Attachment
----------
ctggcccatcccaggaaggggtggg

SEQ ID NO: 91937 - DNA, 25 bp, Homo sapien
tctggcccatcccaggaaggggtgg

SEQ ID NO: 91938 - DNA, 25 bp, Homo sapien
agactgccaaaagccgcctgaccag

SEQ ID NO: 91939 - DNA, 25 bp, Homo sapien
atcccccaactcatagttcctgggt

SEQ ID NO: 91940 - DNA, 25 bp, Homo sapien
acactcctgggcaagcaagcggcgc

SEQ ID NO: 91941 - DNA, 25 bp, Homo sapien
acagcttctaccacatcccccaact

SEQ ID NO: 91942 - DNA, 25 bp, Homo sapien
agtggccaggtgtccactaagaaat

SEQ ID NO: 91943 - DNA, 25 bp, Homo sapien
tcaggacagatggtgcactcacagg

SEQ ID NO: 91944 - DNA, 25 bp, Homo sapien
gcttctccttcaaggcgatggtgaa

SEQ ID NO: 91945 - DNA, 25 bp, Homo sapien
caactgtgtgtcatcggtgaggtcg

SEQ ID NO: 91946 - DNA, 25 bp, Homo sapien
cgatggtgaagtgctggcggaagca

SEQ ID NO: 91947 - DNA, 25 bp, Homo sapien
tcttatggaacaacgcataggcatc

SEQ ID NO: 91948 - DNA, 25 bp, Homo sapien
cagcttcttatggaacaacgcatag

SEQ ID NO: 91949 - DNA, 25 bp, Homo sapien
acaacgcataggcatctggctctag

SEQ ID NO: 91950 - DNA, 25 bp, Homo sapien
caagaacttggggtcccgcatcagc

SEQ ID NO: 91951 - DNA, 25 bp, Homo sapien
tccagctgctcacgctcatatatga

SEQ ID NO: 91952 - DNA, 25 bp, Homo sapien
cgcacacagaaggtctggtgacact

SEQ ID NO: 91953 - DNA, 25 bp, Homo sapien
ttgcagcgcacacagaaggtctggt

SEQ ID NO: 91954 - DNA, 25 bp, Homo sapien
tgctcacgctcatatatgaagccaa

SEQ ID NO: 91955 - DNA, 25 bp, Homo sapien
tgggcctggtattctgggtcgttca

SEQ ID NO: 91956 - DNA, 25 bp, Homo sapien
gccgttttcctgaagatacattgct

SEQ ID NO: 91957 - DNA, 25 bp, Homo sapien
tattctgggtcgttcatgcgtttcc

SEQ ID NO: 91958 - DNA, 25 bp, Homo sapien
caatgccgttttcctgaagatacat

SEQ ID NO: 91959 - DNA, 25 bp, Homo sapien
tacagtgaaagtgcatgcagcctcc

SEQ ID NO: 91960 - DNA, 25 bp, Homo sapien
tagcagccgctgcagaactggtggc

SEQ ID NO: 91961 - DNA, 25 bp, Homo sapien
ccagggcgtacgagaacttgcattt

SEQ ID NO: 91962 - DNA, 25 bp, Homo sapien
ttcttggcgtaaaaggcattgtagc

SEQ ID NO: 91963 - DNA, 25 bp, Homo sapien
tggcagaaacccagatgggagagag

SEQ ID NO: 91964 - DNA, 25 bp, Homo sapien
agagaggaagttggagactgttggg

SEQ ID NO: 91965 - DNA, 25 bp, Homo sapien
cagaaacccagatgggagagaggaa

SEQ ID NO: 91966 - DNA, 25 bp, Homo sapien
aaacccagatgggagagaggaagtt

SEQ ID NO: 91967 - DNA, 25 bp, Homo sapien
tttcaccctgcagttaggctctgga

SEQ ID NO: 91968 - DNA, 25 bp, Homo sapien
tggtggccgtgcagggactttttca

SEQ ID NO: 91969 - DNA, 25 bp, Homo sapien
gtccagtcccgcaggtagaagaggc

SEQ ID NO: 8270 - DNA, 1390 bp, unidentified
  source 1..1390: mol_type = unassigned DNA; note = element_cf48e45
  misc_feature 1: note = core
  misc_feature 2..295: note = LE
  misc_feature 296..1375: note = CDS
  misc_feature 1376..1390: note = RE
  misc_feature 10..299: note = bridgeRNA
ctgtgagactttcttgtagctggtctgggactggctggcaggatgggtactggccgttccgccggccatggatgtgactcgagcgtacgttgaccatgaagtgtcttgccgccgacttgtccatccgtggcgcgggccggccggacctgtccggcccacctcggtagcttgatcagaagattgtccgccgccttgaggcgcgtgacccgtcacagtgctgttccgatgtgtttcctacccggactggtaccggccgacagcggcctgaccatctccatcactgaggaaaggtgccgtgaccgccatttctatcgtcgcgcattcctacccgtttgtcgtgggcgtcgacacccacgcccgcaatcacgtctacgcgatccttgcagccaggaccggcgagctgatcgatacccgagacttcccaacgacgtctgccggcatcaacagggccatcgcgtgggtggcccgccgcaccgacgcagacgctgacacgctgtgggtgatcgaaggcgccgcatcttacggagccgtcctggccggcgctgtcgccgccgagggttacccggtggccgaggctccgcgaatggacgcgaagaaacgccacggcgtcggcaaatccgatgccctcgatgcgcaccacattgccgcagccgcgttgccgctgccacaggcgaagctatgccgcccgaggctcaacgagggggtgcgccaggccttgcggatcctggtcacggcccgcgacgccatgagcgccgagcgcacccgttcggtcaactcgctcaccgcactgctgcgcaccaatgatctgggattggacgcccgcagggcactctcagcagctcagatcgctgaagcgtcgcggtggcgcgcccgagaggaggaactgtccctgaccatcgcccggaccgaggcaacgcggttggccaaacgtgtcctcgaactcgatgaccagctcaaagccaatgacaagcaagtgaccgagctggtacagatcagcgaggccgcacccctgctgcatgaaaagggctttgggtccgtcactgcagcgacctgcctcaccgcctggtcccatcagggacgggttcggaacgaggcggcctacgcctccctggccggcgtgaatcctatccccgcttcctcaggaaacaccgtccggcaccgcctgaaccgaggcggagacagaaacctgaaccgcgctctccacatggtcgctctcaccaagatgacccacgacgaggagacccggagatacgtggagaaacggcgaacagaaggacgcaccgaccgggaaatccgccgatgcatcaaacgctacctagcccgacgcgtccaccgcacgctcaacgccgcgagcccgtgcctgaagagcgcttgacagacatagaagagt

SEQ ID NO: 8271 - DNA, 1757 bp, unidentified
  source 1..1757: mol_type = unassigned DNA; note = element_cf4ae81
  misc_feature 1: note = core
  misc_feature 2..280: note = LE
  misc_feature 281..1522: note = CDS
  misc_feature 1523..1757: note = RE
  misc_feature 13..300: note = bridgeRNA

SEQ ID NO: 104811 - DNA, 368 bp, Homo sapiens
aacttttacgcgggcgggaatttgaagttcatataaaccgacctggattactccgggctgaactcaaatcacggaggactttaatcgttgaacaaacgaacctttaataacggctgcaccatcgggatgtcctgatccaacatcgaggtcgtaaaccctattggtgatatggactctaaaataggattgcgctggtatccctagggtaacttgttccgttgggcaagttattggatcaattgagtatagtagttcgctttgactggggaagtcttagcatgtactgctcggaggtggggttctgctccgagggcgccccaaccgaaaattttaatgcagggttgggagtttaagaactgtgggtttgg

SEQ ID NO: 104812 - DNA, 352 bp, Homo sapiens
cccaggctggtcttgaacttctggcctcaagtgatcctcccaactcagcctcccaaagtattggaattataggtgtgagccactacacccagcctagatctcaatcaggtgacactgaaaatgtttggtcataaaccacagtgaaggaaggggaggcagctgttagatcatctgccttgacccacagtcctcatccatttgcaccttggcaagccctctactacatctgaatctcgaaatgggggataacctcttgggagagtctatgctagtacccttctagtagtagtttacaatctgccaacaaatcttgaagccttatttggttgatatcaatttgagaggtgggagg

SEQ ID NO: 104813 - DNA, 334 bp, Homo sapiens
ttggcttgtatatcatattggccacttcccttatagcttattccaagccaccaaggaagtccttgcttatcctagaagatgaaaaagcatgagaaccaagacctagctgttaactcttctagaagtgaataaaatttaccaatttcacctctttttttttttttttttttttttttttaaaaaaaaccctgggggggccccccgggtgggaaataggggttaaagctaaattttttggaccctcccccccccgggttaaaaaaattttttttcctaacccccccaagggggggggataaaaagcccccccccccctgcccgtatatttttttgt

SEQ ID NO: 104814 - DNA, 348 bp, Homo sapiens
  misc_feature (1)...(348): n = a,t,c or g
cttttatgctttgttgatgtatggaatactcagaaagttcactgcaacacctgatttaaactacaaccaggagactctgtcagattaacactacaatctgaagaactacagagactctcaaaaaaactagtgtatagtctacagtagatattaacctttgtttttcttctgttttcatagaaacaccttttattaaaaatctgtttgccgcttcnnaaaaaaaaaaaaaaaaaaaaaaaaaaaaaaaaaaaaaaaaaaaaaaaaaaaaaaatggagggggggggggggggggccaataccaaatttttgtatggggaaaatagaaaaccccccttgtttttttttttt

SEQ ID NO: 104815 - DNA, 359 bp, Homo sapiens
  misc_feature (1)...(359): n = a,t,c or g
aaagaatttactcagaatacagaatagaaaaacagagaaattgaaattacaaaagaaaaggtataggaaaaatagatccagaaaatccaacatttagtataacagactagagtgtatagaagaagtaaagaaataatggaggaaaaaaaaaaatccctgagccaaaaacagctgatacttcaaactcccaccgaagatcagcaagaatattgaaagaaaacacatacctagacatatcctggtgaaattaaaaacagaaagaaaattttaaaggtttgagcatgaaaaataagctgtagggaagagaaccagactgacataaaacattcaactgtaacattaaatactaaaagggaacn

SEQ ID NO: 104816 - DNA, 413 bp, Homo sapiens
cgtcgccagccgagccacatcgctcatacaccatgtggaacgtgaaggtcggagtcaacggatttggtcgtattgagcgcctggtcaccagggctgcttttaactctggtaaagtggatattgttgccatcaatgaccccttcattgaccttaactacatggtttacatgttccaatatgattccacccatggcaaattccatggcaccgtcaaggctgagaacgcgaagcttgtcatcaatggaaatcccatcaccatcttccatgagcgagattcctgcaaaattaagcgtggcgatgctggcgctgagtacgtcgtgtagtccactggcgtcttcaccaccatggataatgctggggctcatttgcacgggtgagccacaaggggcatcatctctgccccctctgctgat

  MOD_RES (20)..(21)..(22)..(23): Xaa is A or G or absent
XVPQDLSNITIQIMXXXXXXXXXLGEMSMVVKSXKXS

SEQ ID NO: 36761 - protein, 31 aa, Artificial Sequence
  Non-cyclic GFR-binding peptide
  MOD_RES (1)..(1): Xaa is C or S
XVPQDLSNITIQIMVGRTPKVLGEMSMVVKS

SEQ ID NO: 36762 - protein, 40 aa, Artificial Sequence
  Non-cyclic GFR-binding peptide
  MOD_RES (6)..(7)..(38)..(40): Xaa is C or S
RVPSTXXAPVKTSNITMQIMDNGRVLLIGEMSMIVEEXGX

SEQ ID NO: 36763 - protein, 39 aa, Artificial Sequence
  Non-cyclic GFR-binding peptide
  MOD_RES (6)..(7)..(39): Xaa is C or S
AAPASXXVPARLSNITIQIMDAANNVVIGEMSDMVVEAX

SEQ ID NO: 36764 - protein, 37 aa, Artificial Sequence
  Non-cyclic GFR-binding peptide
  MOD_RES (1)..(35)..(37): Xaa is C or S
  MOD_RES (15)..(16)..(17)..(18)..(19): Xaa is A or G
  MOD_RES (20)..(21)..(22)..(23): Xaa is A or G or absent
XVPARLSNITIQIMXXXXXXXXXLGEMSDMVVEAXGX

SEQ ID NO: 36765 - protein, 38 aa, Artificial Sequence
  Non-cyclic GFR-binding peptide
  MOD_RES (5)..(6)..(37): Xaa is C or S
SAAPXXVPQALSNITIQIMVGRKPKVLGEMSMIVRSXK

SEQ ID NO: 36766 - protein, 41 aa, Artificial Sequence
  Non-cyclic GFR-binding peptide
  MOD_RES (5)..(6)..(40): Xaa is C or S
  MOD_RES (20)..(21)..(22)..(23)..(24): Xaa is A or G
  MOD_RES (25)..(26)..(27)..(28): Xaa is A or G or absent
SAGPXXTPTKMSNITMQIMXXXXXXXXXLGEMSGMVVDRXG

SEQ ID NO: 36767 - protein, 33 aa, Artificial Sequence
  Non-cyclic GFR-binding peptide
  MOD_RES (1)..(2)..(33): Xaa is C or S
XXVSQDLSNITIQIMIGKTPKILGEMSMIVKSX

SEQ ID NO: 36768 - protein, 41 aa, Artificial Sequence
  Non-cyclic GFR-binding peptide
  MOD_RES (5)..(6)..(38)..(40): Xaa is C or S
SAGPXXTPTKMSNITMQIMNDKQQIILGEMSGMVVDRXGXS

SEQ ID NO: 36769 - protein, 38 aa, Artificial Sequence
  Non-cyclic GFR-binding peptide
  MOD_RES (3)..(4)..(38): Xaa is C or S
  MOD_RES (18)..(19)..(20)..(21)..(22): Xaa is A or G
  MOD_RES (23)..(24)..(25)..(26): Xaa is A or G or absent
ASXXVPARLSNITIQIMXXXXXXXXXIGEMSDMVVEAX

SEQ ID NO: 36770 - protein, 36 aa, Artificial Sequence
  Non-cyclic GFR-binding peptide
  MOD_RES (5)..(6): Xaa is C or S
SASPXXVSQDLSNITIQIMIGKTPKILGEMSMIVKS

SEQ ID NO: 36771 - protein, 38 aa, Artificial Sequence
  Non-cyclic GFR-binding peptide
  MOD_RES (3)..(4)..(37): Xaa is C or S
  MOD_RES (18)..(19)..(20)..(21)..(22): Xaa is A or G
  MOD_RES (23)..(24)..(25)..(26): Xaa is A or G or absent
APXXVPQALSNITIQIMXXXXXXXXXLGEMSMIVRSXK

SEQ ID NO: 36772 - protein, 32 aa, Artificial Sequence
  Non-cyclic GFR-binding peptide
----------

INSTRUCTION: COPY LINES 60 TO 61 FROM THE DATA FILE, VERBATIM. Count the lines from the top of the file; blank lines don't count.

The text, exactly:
SEQ ID NO: 91966 - DNA, 25 bp, Homo sapien
aaacccagatgggagagaggaagtt